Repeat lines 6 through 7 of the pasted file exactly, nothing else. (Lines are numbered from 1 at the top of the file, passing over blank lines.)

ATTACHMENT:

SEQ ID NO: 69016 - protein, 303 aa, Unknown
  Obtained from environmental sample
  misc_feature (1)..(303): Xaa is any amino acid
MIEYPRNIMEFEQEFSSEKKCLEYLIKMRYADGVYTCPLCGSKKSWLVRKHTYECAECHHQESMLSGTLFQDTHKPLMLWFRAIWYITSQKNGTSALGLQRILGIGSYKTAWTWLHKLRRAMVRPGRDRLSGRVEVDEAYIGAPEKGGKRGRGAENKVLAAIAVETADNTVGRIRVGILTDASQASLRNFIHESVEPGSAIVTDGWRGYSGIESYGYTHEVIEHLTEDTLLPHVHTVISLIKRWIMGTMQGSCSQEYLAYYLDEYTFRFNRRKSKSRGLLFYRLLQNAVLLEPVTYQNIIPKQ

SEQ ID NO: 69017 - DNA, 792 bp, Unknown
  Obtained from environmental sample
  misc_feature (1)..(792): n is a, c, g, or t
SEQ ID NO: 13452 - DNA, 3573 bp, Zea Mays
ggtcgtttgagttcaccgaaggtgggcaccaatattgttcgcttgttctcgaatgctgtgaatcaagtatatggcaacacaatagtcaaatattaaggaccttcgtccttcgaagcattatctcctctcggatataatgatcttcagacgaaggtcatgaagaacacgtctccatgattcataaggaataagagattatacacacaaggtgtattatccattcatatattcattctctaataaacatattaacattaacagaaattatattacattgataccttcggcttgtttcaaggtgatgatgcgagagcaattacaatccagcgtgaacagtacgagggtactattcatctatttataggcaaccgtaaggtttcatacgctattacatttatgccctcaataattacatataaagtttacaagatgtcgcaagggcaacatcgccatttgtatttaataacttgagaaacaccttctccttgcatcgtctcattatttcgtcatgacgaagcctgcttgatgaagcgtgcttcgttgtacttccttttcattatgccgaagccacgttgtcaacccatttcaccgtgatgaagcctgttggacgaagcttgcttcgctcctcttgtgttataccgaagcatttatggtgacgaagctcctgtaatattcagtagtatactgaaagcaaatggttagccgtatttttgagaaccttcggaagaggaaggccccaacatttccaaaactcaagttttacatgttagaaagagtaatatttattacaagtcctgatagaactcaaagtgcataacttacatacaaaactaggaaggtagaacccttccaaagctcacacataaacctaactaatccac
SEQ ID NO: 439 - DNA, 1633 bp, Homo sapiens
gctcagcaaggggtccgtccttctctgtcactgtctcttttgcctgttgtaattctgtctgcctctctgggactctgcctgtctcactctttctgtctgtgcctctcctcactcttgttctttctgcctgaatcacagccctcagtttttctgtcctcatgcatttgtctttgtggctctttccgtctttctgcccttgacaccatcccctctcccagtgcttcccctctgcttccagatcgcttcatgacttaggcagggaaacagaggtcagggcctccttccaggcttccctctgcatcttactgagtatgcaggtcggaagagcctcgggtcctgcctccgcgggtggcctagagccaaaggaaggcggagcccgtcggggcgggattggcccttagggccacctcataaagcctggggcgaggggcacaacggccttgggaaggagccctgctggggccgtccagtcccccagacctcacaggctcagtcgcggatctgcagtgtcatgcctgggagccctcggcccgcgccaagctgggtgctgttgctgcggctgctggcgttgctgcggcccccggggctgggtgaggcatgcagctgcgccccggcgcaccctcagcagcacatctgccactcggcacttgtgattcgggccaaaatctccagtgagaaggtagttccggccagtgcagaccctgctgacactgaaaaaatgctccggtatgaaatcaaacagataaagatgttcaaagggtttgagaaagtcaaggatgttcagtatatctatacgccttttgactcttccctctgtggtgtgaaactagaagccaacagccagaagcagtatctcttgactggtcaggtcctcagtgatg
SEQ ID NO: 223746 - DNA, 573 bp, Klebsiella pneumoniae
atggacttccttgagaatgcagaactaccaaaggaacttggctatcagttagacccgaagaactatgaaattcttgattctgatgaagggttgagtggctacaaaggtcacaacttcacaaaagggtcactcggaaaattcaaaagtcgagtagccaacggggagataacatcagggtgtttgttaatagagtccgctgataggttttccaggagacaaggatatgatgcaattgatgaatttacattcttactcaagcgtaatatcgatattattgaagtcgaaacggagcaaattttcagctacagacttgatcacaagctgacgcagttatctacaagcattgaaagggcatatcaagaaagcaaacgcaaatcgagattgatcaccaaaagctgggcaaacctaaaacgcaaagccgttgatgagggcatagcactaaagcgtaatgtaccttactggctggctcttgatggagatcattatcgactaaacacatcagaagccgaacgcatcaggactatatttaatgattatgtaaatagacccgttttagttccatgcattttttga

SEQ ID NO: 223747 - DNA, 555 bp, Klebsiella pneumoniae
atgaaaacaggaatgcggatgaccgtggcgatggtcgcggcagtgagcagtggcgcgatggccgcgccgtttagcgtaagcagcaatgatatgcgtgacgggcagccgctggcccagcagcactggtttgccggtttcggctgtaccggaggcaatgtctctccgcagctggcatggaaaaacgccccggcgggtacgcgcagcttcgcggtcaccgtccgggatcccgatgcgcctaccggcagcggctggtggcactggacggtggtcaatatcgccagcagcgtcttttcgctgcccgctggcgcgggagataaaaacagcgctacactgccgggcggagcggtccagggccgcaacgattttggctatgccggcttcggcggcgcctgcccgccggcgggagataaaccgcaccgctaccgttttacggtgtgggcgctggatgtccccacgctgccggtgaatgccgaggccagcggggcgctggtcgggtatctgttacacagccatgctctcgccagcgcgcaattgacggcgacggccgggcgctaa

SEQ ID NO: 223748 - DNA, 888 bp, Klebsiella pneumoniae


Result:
  Obtained from environmental sample
  misc_feature (1)..(792): n is a, c, g, or t